After all, user input is not only used to generate output, but is also reused to improve the service, and thus refine the AI model. The user input ends up on a big pile of data and the user then basically loses control over that data. OpenAI is reportedly working on a professional paid version of ChatGPT, but it is still unclear whether professional user input, which may also contain confidential professional data, will also be used to improve the service. Organisations using the ChatGPT API can, however, request OpenAI not to use their input data to improve the services. But for ordinary users, such an opt-out does not currently seem possible.
So while user input must comply with certain rules and not infringe third-party rights, it is extremely difficult, or almost impossible, for an author or rights holder to take action against copyright infringement via ChatGPT. Indeed, a given output generated on the basis of infringing user input may also have been generated on the basis of non-infringing user input.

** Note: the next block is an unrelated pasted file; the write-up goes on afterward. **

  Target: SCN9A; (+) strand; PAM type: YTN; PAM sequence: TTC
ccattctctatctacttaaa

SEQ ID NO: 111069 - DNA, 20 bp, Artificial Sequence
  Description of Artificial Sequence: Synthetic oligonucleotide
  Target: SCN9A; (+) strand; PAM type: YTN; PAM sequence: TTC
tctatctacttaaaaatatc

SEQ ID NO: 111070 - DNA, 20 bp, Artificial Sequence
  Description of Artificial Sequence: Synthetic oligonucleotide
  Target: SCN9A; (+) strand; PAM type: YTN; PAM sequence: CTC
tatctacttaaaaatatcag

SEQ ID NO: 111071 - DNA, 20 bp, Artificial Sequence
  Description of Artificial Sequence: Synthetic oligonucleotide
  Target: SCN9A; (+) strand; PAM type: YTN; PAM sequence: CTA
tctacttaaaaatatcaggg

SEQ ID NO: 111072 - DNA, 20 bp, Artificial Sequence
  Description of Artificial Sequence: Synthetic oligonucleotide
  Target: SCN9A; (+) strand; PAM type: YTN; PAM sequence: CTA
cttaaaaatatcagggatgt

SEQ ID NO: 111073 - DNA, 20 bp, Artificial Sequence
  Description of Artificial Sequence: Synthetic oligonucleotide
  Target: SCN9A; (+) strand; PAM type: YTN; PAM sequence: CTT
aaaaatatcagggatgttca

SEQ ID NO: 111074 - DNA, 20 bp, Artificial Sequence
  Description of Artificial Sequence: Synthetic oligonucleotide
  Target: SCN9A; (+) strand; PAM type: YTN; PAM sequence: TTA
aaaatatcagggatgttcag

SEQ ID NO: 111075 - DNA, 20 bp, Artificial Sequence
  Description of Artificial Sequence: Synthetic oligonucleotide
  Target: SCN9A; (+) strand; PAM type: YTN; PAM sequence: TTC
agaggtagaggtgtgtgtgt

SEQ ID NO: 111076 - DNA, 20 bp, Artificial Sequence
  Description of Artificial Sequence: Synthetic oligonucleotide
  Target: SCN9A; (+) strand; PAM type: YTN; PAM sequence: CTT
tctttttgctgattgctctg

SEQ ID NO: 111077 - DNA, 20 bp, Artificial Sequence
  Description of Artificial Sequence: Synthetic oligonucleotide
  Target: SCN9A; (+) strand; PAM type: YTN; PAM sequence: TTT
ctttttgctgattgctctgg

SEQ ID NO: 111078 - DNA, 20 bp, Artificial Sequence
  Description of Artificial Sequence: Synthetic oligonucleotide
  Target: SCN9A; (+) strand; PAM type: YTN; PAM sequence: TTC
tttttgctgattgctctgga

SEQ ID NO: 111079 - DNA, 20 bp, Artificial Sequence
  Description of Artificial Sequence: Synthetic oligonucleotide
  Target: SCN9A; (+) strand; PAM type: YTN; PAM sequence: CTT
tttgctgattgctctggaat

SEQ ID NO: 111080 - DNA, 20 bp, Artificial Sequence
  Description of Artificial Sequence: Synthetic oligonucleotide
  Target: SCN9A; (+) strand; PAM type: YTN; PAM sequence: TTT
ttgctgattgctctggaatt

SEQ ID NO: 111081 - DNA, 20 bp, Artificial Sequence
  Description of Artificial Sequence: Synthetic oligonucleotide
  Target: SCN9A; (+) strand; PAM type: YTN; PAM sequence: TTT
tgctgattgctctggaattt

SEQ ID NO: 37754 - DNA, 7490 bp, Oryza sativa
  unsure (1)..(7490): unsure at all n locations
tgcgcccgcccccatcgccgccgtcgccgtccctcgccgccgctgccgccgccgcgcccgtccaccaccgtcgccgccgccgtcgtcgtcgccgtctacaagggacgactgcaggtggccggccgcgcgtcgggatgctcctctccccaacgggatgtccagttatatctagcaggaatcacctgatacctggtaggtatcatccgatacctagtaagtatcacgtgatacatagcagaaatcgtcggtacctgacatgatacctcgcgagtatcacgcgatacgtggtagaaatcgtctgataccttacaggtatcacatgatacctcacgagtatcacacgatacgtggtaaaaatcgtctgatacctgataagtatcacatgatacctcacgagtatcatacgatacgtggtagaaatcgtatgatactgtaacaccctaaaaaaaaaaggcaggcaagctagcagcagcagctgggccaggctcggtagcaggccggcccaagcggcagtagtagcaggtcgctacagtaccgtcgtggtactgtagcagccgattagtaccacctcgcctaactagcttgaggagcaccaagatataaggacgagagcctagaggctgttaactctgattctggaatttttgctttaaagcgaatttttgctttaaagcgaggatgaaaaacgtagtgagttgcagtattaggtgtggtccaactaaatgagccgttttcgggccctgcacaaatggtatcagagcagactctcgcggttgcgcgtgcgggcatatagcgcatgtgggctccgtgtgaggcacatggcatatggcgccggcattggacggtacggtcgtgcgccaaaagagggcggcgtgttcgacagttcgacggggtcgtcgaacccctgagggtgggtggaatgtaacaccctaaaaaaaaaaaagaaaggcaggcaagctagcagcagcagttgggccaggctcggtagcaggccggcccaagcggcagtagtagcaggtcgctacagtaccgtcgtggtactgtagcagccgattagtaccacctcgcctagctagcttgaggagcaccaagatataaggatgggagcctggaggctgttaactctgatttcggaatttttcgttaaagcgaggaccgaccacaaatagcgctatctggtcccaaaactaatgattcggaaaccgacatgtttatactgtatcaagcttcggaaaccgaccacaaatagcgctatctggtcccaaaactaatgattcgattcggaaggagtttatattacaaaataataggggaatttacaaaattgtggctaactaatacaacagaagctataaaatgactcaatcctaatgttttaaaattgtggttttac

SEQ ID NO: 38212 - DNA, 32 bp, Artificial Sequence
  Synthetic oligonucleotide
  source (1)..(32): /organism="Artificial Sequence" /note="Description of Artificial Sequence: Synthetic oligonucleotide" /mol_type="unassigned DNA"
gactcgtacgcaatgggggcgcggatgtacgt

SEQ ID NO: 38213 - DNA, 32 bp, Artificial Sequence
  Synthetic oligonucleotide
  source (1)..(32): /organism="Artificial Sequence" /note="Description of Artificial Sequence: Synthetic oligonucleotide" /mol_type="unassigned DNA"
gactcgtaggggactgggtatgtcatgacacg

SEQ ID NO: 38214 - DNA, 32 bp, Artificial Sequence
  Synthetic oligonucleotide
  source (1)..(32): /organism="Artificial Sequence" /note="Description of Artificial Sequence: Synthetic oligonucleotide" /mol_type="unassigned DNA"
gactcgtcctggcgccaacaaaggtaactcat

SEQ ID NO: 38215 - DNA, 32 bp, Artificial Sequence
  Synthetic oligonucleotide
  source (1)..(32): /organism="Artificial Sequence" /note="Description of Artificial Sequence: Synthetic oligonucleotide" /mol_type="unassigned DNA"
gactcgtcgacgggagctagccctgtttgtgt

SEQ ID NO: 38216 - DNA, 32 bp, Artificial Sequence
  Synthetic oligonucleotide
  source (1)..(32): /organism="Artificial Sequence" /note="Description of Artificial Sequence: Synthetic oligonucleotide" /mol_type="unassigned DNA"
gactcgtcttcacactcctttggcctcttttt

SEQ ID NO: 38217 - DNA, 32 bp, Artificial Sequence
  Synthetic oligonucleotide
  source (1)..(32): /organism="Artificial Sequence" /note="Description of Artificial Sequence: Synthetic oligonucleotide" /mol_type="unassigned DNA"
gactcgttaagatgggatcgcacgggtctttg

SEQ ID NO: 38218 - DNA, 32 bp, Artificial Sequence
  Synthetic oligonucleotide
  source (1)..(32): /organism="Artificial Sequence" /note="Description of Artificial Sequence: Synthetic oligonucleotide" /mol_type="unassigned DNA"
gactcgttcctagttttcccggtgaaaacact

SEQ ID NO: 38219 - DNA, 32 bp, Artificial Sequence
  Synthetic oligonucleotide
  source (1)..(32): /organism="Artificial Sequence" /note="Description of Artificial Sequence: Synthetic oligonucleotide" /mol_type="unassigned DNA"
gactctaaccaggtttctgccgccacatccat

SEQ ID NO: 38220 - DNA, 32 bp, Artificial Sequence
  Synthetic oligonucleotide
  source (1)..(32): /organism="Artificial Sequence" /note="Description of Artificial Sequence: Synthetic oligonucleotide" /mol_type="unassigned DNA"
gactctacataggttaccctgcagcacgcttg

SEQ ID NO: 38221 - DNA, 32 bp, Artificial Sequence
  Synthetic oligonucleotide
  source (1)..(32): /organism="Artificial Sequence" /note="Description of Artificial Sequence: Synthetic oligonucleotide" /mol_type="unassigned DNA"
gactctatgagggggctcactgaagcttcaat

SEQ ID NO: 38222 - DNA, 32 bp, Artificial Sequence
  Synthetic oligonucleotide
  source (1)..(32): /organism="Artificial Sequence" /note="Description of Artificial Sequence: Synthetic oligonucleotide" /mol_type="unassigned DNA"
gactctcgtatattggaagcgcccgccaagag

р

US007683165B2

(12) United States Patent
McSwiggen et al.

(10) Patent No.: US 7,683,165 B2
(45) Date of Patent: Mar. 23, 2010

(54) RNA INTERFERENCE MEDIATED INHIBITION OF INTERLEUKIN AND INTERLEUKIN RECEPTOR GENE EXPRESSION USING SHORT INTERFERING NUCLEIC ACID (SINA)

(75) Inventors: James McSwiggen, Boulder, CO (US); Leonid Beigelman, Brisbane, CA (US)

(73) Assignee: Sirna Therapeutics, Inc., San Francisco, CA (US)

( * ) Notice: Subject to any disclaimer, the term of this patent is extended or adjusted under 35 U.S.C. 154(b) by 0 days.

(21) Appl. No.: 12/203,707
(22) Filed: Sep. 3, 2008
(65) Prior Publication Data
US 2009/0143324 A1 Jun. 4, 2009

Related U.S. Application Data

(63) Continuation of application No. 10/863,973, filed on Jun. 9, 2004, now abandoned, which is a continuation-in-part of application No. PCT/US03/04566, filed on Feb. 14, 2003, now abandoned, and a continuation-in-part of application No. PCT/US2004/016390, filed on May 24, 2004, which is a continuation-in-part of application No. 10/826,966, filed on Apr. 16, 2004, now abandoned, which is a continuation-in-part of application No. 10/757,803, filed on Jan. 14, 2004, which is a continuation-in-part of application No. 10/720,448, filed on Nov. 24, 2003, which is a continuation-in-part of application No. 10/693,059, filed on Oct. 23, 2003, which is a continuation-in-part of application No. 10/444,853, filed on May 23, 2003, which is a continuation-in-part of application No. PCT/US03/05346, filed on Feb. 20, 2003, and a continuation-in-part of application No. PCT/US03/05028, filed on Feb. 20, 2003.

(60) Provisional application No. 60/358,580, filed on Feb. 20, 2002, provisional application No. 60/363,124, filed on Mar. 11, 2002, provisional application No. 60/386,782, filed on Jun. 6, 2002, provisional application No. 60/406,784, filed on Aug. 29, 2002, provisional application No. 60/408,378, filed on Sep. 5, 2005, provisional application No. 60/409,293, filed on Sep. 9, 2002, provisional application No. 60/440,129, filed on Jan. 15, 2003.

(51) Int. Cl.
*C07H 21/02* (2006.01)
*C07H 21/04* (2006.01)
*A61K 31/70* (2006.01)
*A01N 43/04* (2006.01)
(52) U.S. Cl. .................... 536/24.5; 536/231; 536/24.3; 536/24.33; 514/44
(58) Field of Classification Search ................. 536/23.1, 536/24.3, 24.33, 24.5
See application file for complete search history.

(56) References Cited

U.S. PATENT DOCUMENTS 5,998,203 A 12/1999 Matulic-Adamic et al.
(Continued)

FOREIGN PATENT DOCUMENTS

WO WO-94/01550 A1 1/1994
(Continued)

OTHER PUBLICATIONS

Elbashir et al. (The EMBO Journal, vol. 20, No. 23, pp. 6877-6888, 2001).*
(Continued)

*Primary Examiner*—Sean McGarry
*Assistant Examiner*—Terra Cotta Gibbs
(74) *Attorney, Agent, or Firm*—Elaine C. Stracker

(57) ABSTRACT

After all, it is possible for two users, independently of each other, to generate the same output. On the assumption that this would be a copyrightable output, which of the two users owns the copyright to that output? Perhaps it should be concluded that both authors have their own right to admittedly the same output, provided they arrived at that output independently of each other. But what if the output generated corresponds to the work of an author who did not use ChatGPT? Does this make a difference?
Suppose ChatGPT arrives at exactly the same text as a pre-existing but not ChatGPT-generated text (and this is irrespective of whether this is due to an error in the AI model or pure coincidence)? The only difference between the two authors is that one author has used a technical tool, namely an AI model, and arrived at that output through some user input, while the other author has written the work himself based on his creative mind. This leads to the following questions: